Organisers of this summer's Games said yesterday that their $1.7bn (pounds 1.13bn) project would be ready for the opening ceremony in exactly 100 days, despite reports of chronic delay and missed deadlines.
"[The projects] that are unfinished are unfinished by design," Billy Payne, the chief executive of the Atlanta Committee for the , said. "We will be ready to celebrate the best ever, which will begin in 100 days' time.
"All of the construction is now completed. The venues are extremely safe, they are extremely beautiful and they are extremely functional," he said.
Payne was responding to a flurry of media reports which allege a litany of delay and disaster in the ambitious Olympic reconstruction which is transforming Atlanta's city centre.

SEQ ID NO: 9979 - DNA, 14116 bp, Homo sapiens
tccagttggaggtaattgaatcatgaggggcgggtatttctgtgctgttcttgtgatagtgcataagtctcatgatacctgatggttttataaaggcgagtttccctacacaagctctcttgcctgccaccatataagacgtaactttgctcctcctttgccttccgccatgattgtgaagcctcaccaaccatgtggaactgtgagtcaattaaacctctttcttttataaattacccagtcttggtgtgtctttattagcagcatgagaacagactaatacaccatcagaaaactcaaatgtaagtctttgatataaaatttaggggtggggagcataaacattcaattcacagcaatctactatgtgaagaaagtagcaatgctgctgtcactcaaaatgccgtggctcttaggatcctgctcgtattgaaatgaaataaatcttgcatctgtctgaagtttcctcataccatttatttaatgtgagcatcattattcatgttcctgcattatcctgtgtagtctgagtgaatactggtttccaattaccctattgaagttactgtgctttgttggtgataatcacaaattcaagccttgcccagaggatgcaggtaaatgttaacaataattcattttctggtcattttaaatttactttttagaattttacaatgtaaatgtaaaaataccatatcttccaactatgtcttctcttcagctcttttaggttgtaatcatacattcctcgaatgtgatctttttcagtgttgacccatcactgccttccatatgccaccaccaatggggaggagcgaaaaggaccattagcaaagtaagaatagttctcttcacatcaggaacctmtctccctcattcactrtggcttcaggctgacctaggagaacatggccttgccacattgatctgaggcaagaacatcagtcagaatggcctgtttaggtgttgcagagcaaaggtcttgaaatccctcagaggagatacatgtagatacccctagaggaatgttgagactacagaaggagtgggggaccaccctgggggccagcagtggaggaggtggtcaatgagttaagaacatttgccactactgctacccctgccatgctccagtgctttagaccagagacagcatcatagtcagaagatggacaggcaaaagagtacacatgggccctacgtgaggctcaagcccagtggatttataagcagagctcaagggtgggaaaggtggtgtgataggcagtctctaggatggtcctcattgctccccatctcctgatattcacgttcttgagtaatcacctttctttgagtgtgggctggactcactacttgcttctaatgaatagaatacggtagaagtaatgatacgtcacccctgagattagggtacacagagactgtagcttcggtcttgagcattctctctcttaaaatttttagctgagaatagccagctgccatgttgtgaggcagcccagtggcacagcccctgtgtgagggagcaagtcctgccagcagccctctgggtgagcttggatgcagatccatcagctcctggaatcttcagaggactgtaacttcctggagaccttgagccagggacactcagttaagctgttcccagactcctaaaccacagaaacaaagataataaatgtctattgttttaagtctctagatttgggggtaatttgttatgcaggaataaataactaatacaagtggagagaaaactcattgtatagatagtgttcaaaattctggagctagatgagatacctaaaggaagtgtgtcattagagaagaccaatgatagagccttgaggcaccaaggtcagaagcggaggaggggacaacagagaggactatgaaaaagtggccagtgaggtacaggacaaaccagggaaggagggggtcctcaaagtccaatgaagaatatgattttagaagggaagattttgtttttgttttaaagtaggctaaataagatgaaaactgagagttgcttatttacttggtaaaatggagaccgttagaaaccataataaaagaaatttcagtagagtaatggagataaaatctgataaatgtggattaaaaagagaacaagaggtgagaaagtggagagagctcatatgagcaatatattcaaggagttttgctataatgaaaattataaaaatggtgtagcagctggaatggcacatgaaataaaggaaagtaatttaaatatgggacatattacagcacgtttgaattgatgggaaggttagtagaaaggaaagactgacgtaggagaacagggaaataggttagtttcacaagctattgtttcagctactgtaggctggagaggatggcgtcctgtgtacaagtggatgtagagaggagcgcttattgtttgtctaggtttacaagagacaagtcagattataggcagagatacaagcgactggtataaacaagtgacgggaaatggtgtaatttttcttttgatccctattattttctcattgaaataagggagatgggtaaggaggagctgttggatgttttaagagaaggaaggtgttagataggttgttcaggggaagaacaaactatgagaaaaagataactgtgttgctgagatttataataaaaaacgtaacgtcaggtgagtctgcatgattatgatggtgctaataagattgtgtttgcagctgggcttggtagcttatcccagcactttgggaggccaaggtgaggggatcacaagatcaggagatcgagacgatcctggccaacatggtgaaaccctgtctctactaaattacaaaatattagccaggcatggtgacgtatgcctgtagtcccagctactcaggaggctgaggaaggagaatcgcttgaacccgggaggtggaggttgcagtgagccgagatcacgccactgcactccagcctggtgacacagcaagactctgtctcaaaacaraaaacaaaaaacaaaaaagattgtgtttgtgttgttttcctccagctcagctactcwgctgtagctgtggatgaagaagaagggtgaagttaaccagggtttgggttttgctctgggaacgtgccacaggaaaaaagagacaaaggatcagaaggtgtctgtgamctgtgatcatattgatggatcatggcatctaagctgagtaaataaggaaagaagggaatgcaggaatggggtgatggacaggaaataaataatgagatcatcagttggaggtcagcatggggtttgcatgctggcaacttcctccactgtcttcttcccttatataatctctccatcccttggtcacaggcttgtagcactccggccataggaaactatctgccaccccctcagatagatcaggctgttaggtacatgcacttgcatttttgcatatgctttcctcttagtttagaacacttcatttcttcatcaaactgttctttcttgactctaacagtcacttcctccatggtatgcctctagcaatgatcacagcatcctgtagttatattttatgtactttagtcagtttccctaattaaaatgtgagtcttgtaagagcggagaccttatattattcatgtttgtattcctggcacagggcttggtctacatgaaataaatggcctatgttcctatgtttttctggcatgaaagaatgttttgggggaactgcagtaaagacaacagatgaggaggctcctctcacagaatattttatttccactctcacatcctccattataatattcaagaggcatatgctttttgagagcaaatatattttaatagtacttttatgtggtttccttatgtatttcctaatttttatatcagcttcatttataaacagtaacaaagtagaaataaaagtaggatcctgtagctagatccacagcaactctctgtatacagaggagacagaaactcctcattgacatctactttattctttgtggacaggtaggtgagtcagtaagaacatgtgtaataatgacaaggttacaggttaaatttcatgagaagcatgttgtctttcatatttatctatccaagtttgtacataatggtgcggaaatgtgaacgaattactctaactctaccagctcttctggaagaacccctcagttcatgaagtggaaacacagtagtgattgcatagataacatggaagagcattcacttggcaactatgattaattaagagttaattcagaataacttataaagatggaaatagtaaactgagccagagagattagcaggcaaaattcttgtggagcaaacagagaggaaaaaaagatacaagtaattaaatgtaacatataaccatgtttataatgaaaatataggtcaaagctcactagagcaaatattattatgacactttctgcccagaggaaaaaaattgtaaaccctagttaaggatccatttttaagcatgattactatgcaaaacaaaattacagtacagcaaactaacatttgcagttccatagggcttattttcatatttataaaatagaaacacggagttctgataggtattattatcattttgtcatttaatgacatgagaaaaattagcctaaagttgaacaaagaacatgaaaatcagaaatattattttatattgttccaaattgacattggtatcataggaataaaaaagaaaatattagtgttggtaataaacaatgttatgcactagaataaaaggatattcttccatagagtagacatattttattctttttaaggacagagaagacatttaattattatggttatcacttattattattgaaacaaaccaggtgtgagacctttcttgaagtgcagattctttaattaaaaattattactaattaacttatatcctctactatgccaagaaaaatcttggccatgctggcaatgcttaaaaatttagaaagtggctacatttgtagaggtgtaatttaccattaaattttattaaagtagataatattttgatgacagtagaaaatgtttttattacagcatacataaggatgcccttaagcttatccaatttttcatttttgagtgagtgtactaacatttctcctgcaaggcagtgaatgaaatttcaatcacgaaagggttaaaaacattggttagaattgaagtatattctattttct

Despite Payne's assurances, a mountain of work remains to be done at many venues and Olympic sites to prepare them for the world's biggest sporting event from 19 July to 4 August. Non-ACOG projects such as repaving freeways and replanting verges has made the city a gigantic hard-hat site.
Centennial Olympic Park, at the heart of the city and the main public focal point for the Games, is still full of diggers and potholes, with little showing through the mud to indicate its finished form.
Work at the aquatics centre is delayed because of a construction accident. Other venues, including the shooting complex and the whitewater sports venue on the Georgia-Tennessee border, are behind schedule.
The most embarrassing delay so far was the chaos involving a six-nation pre-Olympic hockey tournament, which had to use a university campus pitch instead of the Olympic venue.Reuse content